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By Otim Nape

The National Drug Authority (NDA) under the newly revamped leadership of the vastly experienced Dr. David Nahamya, has deeply studied the origin of the resistance to drugs by ticks, technically known as acaricide (drug) resistance, which is a serious worry to livestock farmers and should also be to you, that’s if you consume any form of fresh animal products e.g. meat and milk.

According to NDA, which works under the appropriate tag line “Safe Drugs Save Lives” and envisages “a Uganda with safe effective quality medicines and healthcare products,” the problem essentially came down to three major factors: (a) heavy and irrational use of acaricides (tick drugs) by farmers or prolonged use of the same type of acaricides, (b) use of poor farm implements to spray and dip cattle and © failure by livestock farmers to follow the direction given by acaricide/drug manufacturers on the use of the acaricides.

The tick resistance problem attracted huge public outcry and became intense in 2012, especially in the cattle corridor districts of Central and Western Uganda when almost all the twenty-six (26) acaricides on the Ugandan market were rendered impotent in these two regions just like a bull which has failed to make a cow conceive.

However, strangely the same drugs were producing spectacular results and killing ticks as fast as the speed of lightning in cattle rearing districts of Northern and Eastern Uganda. So where was the real problem?

In a detailed dossier authored by experts in the Drug Authority whose contents have since been corroborated by many in the academia (comprising of pharmacists and veterinarians), which Mulengera News has obtained, ticks had developed resistance to Pyrethriods (the main class of acaricides) by 2012 because this class of acaricide had been used for a prolonged period of time and farmers were changing/mixing different brands within a class, which according to experts at the National Drug Authority is not only a bad but also a dangerous practice and harmful practice. The same dossier has since found its way among some key legislators who are beginning to realize the President and other political leaders had been shielded from the scientific truth.

NDA, through its highly efficient pharmaco-vigilance, was the first government institution to detect the tick acaricide resistance problem in 2012 and therefore dismissed widespread allegations in the media that the Ugandan animal drugs market was flooded with ‘fake’ or counterfeit drugs.

And the problem even became clearer when NDA led and funded a top team of scientists who investigated tick acaricide resistance in many farms in the most affected districts of Central and Western Uganda. These included the two farms of President Yoweri Museveni in his rural home of Rwakitura in Kiruhura districts and the Kisozi Farm in Gomba District.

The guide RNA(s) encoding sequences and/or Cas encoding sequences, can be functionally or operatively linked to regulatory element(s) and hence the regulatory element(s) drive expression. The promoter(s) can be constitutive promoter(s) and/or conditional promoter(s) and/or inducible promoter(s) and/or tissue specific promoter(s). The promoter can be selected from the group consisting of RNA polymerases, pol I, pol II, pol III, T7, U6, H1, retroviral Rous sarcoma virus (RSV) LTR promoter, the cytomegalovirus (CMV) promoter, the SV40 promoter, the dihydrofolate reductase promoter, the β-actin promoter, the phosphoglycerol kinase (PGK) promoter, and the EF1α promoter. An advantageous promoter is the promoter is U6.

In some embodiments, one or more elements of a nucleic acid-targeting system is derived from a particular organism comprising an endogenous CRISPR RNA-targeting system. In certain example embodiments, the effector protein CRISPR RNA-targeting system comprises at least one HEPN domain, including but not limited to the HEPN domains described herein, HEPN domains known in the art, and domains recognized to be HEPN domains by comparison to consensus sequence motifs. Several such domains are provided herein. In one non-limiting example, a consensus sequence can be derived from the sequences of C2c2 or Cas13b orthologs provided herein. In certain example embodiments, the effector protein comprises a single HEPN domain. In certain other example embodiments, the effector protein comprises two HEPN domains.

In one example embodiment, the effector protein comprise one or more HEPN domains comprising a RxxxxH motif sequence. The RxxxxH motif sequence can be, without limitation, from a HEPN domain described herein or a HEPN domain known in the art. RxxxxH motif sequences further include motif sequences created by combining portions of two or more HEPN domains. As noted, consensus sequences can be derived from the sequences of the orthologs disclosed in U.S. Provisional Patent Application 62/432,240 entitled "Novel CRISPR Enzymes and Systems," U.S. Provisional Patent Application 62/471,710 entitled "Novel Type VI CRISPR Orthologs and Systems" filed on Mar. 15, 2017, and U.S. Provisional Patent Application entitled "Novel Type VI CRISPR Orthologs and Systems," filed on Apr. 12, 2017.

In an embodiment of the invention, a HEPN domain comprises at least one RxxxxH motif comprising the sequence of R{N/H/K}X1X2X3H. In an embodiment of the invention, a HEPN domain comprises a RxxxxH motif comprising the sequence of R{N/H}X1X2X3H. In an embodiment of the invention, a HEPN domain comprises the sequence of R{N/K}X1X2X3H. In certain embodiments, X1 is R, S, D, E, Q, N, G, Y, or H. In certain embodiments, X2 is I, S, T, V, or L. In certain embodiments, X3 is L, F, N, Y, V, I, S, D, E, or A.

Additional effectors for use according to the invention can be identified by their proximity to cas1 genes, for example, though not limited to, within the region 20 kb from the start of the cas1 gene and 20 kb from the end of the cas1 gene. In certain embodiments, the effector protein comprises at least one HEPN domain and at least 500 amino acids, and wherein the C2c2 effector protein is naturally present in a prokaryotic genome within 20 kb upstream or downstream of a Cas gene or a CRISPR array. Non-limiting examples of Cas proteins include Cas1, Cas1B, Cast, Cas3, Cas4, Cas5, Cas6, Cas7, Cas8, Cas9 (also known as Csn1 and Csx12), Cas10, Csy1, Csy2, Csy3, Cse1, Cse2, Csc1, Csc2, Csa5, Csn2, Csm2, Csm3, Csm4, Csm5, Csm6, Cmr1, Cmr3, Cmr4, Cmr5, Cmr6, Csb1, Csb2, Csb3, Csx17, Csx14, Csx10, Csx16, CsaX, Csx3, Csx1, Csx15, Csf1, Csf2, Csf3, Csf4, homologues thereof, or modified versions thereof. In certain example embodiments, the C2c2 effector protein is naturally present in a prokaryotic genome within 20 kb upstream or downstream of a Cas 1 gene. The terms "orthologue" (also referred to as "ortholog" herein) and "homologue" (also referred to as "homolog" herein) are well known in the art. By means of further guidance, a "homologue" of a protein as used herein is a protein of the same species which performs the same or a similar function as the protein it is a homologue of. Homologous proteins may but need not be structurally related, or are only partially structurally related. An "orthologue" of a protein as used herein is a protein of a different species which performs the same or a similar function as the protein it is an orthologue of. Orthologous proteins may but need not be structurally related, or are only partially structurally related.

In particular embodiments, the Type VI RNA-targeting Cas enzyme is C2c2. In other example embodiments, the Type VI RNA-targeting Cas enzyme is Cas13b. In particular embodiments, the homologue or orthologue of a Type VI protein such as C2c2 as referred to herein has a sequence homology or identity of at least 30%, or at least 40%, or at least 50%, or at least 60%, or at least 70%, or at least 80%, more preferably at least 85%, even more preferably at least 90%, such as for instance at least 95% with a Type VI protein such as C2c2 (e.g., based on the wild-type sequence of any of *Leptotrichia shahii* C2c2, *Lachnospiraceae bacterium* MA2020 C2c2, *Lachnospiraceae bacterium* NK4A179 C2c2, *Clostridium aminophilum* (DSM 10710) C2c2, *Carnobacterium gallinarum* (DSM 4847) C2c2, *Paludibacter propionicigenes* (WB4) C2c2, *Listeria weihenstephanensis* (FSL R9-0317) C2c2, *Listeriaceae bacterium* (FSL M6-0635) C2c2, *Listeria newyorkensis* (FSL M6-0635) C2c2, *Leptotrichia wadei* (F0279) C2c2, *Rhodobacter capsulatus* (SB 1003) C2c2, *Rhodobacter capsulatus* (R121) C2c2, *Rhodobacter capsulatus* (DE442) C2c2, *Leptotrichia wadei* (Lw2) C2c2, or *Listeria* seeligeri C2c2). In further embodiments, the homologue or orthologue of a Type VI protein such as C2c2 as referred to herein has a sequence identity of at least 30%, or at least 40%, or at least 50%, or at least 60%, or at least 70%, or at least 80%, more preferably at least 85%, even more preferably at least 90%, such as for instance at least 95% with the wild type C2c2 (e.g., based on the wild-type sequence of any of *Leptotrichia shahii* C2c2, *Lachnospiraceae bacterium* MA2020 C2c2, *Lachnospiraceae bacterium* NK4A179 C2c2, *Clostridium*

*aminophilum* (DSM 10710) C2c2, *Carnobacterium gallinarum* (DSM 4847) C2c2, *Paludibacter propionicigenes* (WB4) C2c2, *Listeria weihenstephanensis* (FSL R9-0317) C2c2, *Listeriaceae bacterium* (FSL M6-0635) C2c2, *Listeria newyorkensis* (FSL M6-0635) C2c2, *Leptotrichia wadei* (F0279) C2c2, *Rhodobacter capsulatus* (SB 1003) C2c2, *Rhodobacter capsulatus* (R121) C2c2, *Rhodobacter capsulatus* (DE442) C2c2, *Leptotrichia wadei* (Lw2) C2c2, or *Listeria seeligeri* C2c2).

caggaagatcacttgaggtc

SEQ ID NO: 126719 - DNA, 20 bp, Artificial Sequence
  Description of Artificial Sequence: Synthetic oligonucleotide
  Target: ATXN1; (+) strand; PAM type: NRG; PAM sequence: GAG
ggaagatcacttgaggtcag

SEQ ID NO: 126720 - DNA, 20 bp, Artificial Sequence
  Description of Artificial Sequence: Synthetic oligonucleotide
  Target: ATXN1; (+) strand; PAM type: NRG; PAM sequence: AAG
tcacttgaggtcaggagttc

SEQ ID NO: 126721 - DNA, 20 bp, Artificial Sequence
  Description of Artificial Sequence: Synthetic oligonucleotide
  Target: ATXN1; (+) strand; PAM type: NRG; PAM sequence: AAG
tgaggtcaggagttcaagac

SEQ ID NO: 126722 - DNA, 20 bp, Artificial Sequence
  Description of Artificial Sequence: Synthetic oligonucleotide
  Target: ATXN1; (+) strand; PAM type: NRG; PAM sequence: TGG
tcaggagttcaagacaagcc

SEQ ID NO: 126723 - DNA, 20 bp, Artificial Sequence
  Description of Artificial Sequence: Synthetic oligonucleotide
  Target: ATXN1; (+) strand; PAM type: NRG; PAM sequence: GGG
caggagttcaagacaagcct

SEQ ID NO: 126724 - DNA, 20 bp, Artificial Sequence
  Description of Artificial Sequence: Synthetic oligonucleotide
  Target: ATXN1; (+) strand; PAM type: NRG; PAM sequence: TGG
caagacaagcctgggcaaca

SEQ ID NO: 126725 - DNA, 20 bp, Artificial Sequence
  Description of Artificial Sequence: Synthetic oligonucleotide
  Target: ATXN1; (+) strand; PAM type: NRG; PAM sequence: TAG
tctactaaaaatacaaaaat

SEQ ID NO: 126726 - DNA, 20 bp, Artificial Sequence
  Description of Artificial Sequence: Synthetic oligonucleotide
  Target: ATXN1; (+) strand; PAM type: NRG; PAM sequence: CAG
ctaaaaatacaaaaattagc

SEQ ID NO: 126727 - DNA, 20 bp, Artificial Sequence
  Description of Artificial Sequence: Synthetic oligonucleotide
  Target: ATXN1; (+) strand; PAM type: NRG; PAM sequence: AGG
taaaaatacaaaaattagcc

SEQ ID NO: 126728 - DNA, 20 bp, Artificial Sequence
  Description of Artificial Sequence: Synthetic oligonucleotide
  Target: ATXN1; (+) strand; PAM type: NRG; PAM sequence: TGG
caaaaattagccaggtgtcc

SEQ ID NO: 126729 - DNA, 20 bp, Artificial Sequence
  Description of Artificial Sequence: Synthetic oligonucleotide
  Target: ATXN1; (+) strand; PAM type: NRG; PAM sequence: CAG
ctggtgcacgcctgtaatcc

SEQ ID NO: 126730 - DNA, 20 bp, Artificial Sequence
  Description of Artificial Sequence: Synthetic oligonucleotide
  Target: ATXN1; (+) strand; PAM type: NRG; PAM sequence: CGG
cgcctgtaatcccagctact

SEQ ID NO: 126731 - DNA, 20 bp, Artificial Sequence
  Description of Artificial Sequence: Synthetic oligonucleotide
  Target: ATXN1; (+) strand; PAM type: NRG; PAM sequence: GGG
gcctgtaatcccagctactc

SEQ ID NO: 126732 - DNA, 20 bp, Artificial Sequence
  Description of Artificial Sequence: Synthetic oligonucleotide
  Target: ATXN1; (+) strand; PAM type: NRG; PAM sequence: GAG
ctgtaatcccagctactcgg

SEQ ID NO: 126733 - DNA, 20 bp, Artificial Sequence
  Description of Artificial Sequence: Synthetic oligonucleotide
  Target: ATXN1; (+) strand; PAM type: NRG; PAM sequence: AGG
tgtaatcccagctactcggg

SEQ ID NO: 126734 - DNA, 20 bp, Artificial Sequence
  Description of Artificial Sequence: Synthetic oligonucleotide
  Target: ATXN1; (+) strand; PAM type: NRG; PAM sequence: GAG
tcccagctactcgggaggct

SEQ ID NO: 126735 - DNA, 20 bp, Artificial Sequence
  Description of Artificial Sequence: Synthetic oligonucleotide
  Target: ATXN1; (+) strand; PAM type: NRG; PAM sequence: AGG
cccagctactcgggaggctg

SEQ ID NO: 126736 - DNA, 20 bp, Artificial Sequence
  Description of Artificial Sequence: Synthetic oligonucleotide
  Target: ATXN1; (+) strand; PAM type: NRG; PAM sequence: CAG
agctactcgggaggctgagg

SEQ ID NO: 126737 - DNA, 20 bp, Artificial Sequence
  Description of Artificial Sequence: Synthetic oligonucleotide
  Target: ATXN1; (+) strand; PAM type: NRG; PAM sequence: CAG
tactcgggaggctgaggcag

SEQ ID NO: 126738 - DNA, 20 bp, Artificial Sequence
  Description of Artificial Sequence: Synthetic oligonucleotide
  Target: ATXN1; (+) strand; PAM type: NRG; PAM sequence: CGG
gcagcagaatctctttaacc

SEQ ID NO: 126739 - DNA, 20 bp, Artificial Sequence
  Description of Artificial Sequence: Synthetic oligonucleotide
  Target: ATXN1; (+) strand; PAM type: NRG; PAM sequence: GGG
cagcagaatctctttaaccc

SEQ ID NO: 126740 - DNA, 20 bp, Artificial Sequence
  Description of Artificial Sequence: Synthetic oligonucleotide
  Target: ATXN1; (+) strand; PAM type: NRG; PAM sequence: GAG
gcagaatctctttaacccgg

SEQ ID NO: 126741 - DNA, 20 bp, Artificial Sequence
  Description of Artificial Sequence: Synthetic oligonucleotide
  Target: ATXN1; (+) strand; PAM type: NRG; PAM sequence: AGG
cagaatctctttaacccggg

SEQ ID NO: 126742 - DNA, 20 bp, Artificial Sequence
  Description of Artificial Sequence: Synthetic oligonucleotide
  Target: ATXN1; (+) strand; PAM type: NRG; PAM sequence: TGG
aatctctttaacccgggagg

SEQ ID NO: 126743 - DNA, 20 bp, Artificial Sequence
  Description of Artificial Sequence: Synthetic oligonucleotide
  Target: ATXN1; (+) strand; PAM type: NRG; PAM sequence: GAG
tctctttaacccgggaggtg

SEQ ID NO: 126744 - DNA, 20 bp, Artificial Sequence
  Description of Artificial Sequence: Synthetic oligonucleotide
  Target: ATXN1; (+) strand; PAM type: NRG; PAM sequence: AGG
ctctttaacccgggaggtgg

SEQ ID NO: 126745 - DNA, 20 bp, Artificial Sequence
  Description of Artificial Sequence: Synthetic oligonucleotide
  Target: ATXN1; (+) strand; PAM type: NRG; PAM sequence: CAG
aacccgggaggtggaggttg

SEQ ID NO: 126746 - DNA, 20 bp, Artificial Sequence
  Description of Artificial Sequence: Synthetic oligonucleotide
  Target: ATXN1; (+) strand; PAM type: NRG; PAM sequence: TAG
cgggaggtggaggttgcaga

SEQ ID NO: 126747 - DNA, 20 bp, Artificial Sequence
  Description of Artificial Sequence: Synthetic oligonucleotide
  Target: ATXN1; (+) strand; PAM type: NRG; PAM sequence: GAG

And the findings were quite illuminating and informative to guide decision-making so that government does not act like someone groping in the dark. Indeed, the NDA-generated solution to acaricide resistance was implemented in President Museveni’s farm and because the President had seen the NDA solution “work live in his farm,” as is popularly used in current lingo, he being the passionate farmer he is, led a campaign to popularize the NDA-generated messages on the rational or balanced and rotational use of acaricides.

Many farmers took the President’s message and adopted the rational or balanced and rotational use of acaricides and for five years (2012-2017), there was little or no outcry that ticks were a thorn in the flesh of cattle directly or indirectly to the livestock farmers.

However, in 2017, President Museveni appointed Joy Kafura Kabasti, his former Assistant in charge of Legal Affairs and Sembabule strongwoman/political fighter (renowned for prolonged political battles with Anifa Kawooya) as a new State Minister for Animal Industry.

Kabatsi replaced retired Colonel Bright Kanyantole Rwamirama, who the president moved to the newly created position at the time, as State Minister for Defence in charge of Veteran Affairs.

Now, whereas Hon. Rwamirama believed that experts should be allowed to do their work and take responsibility, Hon. Kabatsi came with a different approach to fighting the problem of tick/acaricide resistance. And this seemed to have reversed the gains made then in the fight. Kabatsi acted in good faith but had one problem of not listening enough to experts. “She rightly believed many people in public office don’t act in good faith anymore in Uganda and that led her into having a hostile approach and in the process her sense of judgment became impaired. Otherwise a lot of progress would have been made if the President didn’t post a Minister who was paranoid thinking everyone was a thief and yet the same Minister was too desperate for results to reap political dividend,” says an influential vet academic who is familiar with the acaricides politics.

In the next series of these articles, we shall tell you why Minister Kabatsi’s approach was counterproductive, how President Museveni intervened and what subsequently happened.



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